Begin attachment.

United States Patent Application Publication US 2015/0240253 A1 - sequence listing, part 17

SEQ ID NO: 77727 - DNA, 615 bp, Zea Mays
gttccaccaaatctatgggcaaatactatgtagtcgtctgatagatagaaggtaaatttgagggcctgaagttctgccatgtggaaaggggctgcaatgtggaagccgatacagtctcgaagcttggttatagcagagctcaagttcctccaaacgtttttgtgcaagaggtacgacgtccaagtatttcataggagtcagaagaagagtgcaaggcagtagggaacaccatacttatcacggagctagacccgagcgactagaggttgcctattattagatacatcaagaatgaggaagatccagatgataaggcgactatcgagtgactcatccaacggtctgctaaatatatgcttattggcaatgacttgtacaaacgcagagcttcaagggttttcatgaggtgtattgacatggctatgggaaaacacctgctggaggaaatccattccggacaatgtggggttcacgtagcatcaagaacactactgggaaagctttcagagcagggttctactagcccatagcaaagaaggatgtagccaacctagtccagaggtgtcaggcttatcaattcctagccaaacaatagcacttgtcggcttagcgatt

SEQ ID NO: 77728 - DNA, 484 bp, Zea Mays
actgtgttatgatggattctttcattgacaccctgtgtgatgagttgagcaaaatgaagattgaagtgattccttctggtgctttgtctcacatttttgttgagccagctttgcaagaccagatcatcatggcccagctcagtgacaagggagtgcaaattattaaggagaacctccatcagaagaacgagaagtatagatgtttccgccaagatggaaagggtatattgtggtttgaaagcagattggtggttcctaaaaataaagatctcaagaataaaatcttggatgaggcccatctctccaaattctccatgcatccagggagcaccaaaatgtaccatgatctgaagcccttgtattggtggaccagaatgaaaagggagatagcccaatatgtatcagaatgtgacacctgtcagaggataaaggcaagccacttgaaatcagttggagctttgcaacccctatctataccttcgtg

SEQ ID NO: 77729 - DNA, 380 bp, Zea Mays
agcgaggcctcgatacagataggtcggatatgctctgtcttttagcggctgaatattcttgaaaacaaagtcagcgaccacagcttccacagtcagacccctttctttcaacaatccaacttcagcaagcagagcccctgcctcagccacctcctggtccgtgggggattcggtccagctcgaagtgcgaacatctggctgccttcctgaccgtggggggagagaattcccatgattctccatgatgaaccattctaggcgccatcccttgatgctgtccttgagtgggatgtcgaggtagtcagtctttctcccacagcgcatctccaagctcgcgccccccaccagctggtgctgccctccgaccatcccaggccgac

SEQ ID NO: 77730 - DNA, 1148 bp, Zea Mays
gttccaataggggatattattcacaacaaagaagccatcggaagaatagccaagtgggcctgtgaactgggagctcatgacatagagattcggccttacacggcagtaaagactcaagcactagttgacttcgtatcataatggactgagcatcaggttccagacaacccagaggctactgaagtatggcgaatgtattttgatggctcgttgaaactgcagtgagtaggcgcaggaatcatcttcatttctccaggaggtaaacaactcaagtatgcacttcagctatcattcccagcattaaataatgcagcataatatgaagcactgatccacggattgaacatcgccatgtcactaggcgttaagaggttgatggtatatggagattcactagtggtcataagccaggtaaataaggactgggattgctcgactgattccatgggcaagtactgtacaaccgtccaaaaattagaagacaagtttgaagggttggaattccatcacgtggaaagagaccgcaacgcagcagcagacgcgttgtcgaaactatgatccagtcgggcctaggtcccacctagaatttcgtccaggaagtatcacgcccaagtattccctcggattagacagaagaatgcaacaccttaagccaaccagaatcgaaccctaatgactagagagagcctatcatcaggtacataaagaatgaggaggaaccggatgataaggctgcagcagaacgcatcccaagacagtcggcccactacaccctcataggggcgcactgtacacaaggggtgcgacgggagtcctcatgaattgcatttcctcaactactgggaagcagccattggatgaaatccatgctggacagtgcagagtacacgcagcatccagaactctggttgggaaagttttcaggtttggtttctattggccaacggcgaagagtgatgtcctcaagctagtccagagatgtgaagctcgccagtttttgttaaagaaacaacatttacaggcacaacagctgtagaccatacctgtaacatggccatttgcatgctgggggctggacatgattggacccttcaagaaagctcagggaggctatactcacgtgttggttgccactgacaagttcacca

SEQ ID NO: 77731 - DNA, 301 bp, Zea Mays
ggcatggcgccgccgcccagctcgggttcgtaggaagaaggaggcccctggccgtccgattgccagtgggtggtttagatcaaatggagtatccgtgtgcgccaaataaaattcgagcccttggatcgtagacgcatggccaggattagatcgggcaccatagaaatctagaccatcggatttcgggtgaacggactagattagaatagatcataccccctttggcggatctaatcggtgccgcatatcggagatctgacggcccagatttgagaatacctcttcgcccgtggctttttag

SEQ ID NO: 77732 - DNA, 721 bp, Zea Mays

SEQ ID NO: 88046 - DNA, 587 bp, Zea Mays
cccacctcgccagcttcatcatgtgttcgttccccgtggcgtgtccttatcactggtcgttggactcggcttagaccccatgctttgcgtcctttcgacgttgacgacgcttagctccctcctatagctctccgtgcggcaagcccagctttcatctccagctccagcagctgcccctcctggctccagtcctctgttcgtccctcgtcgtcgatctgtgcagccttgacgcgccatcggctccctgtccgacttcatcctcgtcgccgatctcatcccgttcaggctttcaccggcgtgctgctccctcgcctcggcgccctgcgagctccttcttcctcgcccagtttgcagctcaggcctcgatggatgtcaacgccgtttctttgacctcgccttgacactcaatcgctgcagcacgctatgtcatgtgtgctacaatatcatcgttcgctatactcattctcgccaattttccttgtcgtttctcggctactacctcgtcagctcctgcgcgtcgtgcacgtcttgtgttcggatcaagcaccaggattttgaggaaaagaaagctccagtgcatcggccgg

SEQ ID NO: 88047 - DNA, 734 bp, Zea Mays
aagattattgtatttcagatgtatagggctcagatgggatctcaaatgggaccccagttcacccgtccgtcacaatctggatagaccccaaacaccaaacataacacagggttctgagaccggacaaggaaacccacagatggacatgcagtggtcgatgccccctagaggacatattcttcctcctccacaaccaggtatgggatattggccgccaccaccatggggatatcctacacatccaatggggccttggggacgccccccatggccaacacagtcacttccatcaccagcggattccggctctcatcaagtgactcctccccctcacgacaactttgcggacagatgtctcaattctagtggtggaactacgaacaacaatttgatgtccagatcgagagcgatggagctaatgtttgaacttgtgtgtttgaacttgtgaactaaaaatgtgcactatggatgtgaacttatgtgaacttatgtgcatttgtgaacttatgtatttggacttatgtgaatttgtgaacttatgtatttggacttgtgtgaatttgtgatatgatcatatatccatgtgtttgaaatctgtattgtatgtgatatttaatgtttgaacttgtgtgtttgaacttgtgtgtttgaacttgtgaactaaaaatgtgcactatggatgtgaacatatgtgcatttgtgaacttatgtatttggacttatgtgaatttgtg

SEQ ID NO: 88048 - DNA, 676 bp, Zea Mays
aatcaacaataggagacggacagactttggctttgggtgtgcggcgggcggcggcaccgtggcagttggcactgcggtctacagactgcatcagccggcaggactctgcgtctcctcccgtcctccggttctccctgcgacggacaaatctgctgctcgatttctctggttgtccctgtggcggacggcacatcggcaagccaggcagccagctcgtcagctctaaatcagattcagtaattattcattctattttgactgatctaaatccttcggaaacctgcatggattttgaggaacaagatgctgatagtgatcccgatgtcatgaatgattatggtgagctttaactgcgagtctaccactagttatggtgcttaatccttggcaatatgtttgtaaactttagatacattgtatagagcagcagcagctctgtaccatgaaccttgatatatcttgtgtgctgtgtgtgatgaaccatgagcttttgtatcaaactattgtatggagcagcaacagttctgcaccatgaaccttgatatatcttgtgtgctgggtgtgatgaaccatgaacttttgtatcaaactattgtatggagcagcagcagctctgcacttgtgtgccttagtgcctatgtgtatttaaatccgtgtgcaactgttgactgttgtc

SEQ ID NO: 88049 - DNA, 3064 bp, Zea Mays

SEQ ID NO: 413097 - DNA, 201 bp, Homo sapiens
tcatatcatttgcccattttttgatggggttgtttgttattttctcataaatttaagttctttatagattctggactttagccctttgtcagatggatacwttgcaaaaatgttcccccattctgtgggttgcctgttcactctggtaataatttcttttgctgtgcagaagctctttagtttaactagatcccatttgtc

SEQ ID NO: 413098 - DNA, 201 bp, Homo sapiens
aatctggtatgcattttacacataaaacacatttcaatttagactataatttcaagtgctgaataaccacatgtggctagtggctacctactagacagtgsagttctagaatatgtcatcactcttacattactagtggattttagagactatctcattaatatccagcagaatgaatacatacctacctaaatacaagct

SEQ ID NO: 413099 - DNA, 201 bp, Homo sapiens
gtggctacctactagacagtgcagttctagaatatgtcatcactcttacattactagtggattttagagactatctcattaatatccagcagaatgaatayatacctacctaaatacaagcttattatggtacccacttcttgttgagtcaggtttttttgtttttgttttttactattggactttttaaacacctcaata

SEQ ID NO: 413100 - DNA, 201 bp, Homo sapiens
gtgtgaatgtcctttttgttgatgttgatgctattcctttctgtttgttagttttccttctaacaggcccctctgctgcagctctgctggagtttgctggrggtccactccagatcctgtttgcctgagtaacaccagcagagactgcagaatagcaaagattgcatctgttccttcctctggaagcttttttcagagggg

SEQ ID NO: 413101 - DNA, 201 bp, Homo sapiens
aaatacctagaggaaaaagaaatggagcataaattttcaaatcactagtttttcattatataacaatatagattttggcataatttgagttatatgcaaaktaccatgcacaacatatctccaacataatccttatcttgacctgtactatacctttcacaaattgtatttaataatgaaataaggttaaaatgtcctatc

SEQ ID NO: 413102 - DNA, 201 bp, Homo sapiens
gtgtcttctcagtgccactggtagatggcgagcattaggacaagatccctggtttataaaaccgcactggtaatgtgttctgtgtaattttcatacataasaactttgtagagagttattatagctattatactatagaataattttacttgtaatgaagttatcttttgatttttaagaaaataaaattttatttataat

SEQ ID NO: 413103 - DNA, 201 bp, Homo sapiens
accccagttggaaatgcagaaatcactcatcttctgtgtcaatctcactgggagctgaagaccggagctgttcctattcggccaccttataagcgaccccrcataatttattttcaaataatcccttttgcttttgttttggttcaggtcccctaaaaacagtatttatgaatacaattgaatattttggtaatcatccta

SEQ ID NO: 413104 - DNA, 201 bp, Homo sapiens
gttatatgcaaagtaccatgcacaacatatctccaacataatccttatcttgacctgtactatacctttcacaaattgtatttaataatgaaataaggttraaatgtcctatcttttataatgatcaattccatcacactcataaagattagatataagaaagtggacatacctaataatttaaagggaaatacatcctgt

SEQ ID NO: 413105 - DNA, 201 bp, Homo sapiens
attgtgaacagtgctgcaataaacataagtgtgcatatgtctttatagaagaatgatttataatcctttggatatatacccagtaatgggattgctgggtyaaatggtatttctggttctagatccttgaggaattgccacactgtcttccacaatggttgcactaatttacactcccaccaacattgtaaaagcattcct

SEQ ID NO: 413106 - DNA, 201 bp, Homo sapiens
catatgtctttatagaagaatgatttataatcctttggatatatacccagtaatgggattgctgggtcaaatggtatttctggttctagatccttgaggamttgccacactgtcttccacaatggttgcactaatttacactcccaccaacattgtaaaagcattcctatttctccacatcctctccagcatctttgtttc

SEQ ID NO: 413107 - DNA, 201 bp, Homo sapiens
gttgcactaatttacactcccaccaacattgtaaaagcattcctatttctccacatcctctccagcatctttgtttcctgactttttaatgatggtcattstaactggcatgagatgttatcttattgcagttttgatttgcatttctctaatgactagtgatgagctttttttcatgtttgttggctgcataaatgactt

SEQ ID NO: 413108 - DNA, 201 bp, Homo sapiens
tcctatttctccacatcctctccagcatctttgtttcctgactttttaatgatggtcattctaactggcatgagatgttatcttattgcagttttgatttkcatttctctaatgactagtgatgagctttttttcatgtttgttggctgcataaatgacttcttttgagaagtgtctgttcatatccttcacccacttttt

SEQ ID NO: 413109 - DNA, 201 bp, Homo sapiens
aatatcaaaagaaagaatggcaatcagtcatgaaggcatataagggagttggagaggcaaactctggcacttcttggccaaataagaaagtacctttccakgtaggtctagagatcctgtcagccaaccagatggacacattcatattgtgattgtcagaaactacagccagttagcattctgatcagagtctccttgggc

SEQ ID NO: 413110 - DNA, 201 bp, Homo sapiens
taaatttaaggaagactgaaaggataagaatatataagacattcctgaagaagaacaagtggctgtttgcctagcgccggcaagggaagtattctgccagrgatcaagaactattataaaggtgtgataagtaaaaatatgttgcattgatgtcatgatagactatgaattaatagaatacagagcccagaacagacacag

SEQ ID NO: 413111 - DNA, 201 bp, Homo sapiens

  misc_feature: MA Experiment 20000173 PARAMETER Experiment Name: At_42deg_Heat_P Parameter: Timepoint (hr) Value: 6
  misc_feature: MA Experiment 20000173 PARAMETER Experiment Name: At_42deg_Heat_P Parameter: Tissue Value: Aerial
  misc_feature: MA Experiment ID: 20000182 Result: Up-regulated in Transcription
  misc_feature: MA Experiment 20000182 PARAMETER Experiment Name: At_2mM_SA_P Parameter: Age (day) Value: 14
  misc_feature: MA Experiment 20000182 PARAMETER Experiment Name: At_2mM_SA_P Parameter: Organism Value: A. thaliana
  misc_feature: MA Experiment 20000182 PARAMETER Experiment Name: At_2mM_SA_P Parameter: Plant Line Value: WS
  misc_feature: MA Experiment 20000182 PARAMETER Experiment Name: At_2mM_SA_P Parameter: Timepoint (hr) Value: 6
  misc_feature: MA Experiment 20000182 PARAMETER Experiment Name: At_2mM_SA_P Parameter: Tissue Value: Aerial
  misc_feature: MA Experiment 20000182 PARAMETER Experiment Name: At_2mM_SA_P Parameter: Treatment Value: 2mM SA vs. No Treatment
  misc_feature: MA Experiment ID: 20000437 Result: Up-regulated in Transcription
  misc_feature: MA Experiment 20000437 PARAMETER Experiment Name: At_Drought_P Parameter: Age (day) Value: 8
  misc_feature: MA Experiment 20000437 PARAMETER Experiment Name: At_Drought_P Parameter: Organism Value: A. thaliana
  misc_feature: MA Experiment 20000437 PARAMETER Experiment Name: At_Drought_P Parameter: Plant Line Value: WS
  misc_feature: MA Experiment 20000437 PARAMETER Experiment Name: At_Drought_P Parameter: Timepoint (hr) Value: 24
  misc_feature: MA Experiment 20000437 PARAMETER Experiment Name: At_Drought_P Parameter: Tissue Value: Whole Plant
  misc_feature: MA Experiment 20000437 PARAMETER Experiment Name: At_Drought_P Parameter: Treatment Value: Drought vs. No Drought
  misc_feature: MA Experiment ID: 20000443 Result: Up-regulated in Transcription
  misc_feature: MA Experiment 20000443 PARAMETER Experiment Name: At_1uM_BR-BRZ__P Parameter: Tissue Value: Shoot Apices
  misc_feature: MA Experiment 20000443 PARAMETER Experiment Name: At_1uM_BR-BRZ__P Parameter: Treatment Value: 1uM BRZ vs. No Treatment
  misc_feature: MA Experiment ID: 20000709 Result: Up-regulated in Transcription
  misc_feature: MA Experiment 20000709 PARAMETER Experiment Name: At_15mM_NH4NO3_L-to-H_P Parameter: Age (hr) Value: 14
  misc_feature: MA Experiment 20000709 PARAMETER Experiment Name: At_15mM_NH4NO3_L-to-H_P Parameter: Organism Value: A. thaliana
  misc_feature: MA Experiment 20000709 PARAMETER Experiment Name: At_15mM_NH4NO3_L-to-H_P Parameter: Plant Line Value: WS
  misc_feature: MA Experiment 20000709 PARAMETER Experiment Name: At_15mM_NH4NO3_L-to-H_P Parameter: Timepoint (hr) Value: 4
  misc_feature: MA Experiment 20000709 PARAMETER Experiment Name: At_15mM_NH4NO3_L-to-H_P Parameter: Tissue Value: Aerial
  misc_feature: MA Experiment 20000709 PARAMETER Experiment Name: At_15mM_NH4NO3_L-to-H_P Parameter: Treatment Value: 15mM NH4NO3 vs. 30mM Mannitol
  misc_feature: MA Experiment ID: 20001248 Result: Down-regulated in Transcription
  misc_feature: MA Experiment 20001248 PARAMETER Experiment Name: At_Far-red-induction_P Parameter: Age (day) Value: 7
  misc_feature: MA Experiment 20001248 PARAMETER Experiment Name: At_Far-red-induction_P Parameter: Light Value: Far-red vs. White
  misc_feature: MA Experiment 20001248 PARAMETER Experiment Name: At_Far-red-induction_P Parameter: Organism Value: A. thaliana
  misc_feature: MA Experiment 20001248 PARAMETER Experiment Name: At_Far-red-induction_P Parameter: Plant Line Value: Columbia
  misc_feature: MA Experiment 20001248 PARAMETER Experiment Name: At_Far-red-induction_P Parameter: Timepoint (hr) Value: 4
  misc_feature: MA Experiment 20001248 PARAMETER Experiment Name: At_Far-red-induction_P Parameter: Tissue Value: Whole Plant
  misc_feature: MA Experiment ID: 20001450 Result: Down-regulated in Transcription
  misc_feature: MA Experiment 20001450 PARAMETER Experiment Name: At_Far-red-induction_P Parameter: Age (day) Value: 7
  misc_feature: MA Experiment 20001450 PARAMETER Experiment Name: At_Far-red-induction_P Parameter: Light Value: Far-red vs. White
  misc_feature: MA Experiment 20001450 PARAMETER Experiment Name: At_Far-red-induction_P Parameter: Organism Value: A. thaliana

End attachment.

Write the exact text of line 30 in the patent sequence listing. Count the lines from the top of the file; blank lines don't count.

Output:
SEQ ID NO: 413102 - DNA, 201 bp, Homo sapiens